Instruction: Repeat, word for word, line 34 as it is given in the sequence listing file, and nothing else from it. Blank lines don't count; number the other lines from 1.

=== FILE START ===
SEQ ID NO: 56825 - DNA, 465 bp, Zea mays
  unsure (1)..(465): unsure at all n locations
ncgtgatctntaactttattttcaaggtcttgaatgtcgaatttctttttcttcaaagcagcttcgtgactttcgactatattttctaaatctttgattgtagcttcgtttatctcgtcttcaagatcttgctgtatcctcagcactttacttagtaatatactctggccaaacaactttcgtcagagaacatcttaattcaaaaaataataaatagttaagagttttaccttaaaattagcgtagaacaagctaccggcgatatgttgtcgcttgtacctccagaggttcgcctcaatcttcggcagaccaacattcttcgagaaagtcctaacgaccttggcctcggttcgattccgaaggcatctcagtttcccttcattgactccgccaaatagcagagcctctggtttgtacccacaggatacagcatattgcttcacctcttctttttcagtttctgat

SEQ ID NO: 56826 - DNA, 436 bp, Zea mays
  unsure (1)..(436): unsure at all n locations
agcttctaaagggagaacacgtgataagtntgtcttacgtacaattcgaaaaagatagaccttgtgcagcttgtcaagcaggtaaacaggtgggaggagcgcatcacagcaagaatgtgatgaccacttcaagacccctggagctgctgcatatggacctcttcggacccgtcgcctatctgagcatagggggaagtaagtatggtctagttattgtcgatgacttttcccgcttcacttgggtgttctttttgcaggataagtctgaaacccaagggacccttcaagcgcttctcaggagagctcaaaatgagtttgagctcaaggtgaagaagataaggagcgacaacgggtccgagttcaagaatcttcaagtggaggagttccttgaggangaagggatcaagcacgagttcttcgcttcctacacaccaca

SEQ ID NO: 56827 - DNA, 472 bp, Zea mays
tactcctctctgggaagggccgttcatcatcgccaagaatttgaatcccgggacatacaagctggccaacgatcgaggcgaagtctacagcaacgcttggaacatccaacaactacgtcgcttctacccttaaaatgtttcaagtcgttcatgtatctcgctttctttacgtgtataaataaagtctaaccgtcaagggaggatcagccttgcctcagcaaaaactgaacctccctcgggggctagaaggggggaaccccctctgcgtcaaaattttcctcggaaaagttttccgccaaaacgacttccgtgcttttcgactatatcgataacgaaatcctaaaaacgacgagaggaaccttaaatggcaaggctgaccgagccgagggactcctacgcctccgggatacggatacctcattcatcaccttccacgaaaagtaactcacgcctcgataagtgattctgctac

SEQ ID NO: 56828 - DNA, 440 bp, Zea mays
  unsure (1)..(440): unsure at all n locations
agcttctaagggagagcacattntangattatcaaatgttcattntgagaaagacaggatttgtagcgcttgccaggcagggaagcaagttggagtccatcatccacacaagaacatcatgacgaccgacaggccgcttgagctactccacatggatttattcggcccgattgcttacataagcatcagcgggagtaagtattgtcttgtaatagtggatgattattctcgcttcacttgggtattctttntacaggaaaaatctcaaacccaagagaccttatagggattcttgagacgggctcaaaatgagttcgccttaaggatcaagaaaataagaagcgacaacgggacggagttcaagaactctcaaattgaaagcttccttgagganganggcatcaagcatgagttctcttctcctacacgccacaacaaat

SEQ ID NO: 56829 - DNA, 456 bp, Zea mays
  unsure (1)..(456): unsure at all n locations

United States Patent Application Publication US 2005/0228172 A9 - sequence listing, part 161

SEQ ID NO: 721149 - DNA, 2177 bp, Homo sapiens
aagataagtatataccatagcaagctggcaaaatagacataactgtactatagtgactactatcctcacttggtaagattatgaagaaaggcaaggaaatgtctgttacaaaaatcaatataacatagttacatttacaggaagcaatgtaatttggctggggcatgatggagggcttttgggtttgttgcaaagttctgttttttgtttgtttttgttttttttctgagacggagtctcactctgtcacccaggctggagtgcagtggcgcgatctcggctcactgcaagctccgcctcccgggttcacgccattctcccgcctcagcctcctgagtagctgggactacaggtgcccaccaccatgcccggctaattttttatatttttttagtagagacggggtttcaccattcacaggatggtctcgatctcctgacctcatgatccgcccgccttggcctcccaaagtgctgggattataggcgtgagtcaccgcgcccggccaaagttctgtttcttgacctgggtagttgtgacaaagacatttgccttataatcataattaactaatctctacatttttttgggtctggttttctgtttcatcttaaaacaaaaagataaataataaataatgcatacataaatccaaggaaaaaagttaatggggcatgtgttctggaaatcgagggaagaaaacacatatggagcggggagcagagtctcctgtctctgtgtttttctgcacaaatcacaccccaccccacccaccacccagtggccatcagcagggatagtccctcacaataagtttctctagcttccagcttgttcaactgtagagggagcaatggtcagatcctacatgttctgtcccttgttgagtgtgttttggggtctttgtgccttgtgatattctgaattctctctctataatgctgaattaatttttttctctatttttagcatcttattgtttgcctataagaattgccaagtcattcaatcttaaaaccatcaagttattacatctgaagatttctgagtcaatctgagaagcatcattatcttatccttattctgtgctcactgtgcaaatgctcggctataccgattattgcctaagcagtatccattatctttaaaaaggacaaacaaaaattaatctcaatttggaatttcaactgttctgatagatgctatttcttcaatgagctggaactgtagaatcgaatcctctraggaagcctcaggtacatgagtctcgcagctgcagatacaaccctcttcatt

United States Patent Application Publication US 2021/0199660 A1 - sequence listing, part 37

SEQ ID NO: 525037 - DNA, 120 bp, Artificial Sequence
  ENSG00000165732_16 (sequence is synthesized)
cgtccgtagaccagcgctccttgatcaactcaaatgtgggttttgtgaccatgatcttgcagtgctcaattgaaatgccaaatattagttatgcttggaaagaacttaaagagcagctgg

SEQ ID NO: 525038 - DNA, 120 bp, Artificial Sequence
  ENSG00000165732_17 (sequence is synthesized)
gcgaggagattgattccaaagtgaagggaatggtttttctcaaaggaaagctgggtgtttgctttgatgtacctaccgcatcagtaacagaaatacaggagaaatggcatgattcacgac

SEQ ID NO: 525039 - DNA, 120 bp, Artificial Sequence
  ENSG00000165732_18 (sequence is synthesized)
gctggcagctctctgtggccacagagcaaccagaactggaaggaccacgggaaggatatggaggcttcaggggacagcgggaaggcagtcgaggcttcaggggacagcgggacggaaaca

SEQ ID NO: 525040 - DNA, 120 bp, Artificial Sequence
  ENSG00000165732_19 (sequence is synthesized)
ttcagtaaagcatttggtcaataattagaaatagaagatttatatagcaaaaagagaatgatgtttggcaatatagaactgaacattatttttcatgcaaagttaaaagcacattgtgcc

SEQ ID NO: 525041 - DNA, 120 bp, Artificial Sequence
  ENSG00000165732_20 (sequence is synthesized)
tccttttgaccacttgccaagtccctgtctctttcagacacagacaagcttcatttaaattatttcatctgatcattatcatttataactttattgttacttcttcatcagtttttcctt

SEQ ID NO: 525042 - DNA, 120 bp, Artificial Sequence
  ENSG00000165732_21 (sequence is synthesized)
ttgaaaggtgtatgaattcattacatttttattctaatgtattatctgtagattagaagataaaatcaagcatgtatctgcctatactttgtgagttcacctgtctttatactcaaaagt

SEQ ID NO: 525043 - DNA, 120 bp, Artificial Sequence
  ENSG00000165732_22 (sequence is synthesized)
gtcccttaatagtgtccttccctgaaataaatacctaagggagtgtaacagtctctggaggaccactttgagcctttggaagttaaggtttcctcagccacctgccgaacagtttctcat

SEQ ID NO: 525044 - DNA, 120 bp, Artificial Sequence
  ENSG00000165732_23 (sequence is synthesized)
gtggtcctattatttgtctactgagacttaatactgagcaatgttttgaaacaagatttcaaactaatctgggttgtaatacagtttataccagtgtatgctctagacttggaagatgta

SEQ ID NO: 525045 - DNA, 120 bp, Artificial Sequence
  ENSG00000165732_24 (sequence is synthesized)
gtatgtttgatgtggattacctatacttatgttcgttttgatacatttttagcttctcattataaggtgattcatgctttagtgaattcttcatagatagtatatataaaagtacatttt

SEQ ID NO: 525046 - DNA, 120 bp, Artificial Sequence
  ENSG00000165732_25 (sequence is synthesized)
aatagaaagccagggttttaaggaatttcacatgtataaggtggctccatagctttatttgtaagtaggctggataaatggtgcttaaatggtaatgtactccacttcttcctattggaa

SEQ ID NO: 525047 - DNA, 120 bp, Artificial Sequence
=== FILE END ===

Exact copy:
  ENSG00000165732_21 (sequence is synthesized)